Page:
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Maverick honouree leads Sterling Homes' sustainability efforts

Kelly Williams says building sustainable homes saves buyers money, keeps firm ahead of green curve

Kelly Williams, the design and sustainability manager of Sterling Homes, who won the inaugural Ambassador Maverick award. (Courtesy Kelly Williams)

Creating sustainable housing reduces long-term costs for buyers and ensures builders stay ahead of ever-changing green building regulations, according to Sterling Homes' Kelly Williams, the inaugural Built Green Canada Ambassador Maverick award winner.

In an interview with RENX Homes, the design and sustainability manager of Sterling Homes Edmonton said sustainable homes will be “more topical, more important because of the changes to the building code and climate change,” pushing the homebuilding industry to greener practices.

Her initiative in preparing Sterling Homes for this transition is embodied by pushing for certification with the non-profit Built Green Canada organization. The Ambassador Maverick award recognizes individuals in Canada's homebuilding industry leading the transition to sustainability.

From its approach to home design to how it engages with trades and suppliers, Sterling Homes has undergone significant change.

“It really does take the entire team at Sterling to move the needle,” Williams said. “All of our field staff, all of our office staff, all of our trades and suppliers that work with us. They all play a part in these certifications that we’ve been getting with Built Green.”

Getting Sterling to Built Green standards

Sterling Homes is a division of Qualico Inc., a Winnipeg-based construction firm. Most of its projects are single-family homes, with some duplexes and townhomes under its belt. Sterling Homes builds in Alberta across locations such as the Edmonton area, Stony Plain, Fort Saskatchewan and Sherwood Park.

Described as a “high-volume builder” by Williams, Sterling Homes finishes between 300 to 400 homes per year, she said.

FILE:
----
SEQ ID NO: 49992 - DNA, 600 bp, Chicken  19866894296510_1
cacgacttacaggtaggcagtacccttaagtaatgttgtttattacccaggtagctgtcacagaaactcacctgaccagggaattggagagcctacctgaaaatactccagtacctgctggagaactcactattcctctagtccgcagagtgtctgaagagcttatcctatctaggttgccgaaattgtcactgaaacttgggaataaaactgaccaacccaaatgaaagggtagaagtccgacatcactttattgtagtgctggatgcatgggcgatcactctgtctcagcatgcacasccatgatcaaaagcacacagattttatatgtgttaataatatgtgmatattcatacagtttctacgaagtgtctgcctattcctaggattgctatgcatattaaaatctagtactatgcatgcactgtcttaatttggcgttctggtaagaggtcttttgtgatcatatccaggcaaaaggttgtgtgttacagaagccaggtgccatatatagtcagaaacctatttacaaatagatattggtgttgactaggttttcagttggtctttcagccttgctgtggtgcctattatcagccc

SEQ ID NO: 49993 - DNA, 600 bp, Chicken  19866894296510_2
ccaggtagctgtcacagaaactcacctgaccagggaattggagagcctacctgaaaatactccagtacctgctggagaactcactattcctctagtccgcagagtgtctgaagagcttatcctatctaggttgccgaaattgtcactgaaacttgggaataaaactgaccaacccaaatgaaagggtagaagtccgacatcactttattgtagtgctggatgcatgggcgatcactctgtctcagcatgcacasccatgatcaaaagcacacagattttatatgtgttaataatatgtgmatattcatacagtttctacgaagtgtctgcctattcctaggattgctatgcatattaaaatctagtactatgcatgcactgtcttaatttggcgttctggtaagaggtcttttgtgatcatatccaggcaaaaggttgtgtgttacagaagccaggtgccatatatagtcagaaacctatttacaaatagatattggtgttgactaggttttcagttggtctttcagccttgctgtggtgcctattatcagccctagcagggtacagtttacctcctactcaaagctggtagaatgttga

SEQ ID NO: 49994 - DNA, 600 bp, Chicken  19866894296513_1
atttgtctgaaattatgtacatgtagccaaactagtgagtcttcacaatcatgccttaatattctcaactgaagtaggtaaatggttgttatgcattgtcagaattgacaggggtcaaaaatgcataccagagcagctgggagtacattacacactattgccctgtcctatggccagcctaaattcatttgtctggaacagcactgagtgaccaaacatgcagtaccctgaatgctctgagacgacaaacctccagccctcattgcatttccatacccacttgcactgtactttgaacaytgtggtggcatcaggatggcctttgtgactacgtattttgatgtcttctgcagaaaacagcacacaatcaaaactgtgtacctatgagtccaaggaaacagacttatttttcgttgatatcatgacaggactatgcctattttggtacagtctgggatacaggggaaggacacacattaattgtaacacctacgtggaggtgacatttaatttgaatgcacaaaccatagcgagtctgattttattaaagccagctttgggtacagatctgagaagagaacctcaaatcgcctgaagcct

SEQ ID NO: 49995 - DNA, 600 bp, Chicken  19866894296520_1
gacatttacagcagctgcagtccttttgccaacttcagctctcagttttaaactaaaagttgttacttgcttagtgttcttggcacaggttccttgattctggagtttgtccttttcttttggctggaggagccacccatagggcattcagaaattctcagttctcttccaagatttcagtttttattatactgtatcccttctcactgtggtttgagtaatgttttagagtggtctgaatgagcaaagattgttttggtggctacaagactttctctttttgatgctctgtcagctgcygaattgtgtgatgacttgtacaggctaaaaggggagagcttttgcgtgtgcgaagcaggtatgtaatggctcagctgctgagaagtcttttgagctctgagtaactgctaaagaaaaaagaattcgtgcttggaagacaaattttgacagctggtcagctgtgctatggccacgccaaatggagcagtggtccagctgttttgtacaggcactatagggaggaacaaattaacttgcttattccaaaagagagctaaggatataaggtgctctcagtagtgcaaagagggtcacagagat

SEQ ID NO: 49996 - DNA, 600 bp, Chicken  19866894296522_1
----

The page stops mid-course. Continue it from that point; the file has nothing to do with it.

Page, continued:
Williams joined Sterling Homes in 2015 as a drafting manager, and has worked in residential construction for over 30 years. Since graduating from Northern Alberta Institute of Technology in the architectural technology program, she held roles in architecture and as a manager of a truss department.

She leads a team of architectural technologists who design homes and process customer files from the permitting stage to construction. Another key duty is leading its Built Green program to certify Sterling’s homes.

The impetus to get involved with Built Green came from Sterling Homes recognizing its strength in air tightness.

“We thought, ‘Hey, we need to take advantage of the quality of the build that we’re producing.’ Basically, get that message out to our buyers . . . It was also for us to get on this stepping stone towards net-zero,” she recalled.

Sterling Homes was also mindful of adapting to impending changes to the National Building Code of Canada, including an amendment requiring net-zero-energy-ready homes by 2030.

There is also a personal touch. The work to be integrated with Built Green, which she called “my baby,” aligns with her passion for the environment.

How Sterling builds sustainably